Kidney disease on the rise
By RICHARDSON DHALAI Monday, June 2 2014
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TT Medical Association (TTMA) president Dr Liane Conyette, right, speaks to two persons at a health fair on Saturday in Princes Town. ...
TT Medical Association (TTMA) president Dr Liane Conyette has sounded a warning that chronic kidney disease (CKD) — the 20th cause of deaths nationally — is on the rise due to the increase in both diabetes and hypertension.
She gave the warning while addressing a health fair jointly organised by the Princes Town Open Bible Church and the Lions Club of Chaguanas, together with the National Association of Crohns and Colitis of TT (NACCTT) at the church’s Lothians Road car park on Saturday.
Among the health care service providers at the health fair were the mobile unit of the Cancer Society,, the Diabetes Association of TT, the Ministry of Health’s “Fight the Fat Campaign”, St Ann’s Psychiatric Hospital representatives, nurses from the Princes Town District Health facility, representatives of the Ministry of Labour’s “Fair Share” unit and persons from the Ministry of the People.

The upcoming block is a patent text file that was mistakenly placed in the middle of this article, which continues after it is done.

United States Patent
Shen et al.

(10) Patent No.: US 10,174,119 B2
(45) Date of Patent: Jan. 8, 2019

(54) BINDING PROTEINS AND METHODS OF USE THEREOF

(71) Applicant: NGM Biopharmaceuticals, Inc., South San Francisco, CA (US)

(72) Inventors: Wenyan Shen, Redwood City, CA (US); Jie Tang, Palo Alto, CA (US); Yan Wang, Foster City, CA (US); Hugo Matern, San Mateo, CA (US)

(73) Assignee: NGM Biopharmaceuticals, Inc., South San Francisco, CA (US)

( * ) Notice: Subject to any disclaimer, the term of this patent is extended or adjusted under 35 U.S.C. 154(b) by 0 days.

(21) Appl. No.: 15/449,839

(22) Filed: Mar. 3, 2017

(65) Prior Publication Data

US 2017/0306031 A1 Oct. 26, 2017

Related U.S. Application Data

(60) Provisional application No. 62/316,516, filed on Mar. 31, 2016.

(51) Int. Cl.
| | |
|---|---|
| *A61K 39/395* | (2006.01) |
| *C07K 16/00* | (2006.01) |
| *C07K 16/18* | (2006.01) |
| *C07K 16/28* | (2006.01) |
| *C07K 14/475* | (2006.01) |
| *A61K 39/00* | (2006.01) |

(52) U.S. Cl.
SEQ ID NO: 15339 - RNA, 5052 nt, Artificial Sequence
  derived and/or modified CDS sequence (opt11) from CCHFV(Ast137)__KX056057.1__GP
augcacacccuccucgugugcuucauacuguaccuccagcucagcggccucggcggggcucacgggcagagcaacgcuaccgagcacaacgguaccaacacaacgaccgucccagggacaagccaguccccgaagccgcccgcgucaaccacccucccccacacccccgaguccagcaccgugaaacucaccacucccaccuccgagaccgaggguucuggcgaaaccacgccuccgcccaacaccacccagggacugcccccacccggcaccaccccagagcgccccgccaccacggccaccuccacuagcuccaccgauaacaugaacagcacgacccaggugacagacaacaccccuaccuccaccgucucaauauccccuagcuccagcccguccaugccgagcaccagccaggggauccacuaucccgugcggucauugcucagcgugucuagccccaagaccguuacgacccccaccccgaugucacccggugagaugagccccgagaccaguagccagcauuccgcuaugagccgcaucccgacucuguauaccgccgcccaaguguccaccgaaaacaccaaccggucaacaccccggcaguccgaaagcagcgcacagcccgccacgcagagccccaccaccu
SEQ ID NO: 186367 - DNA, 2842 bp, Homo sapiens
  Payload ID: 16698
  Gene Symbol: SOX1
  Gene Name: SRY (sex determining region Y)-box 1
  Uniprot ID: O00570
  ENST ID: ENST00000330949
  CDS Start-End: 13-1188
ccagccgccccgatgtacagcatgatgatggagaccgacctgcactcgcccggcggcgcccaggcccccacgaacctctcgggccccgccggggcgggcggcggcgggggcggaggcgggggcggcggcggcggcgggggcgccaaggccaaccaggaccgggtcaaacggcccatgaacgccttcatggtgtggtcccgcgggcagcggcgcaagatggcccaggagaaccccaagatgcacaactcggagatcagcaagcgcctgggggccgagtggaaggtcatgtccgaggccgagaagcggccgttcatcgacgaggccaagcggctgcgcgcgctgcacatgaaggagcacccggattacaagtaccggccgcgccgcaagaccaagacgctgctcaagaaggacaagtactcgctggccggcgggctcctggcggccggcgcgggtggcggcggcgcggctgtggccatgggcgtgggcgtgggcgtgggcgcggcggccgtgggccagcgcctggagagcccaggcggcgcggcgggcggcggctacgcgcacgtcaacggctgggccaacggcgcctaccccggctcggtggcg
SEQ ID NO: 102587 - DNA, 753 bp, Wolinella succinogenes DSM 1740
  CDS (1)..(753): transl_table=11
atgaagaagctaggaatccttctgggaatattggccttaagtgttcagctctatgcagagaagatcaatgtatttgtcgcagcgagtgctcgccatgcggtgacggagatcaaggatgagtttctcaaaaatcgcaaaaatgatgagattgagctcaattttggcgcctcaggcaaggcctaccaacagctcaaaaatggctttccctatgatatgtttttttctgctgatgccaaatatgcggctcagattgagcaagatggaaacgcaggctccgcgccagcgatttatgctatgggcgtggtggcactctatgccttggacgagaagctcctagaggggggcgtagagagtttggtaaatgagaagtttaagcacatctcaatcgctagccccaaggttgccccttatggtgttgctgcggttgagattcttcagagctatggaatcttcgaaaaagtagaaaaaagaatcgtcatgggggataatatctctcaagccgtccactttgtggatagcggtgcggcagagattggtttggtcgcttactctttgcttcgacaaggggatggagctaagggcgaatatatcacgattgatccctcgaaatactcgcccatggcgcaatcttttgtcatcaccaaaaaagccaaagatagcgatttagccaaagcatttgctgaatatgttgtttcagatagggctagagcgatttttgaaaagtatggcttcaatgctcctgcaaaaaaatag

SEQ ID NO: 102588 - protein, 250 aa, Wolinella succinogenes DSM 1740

Conyette who is based in the South West Regional Authority (SWRHA) said during a power point presentation that kidney disease is linked to the top five causes of death in Trinidad and Tobago which included diabetes, hypertension and stroke.
Giving what she said were “frightening” statistics, Conyette said 40 percent of Type I diabetes patients will have chronic kidney disease while 50 percent of Type II diabetes patients will have a lifetime risk of developing chronic kidney disease.
“Increasing numbers of Trinbagonians are coming down with chronic kidney diseases. Hypertension and Diabetes also cause chronic kidney disease,” Conyette said, adding that high risk groups include patients with diabetes, hypertension and persons with a family history of CKDs.
She said that approximately 143,000 persons or 11 percent of the population are living with diabetes in Trinidad and Tobago while, according to World Health Organisation (WHO) 2011 data, deaths from hypertension or high blood pressure accounted for 4.67 percent of all deaths in TT.
Conyette said the cost for patients with chronic kidney disease and who had to undergo dialysis was estimated at $150,000 per patient and noted there were approximately 750 patients throughout the country who require dialysis.
She advised participants at the health fair to exercise regularly, eat healthier, which includes more fruits and vegetables in their meals, avoid sugary drinks and have regular medical check-ups.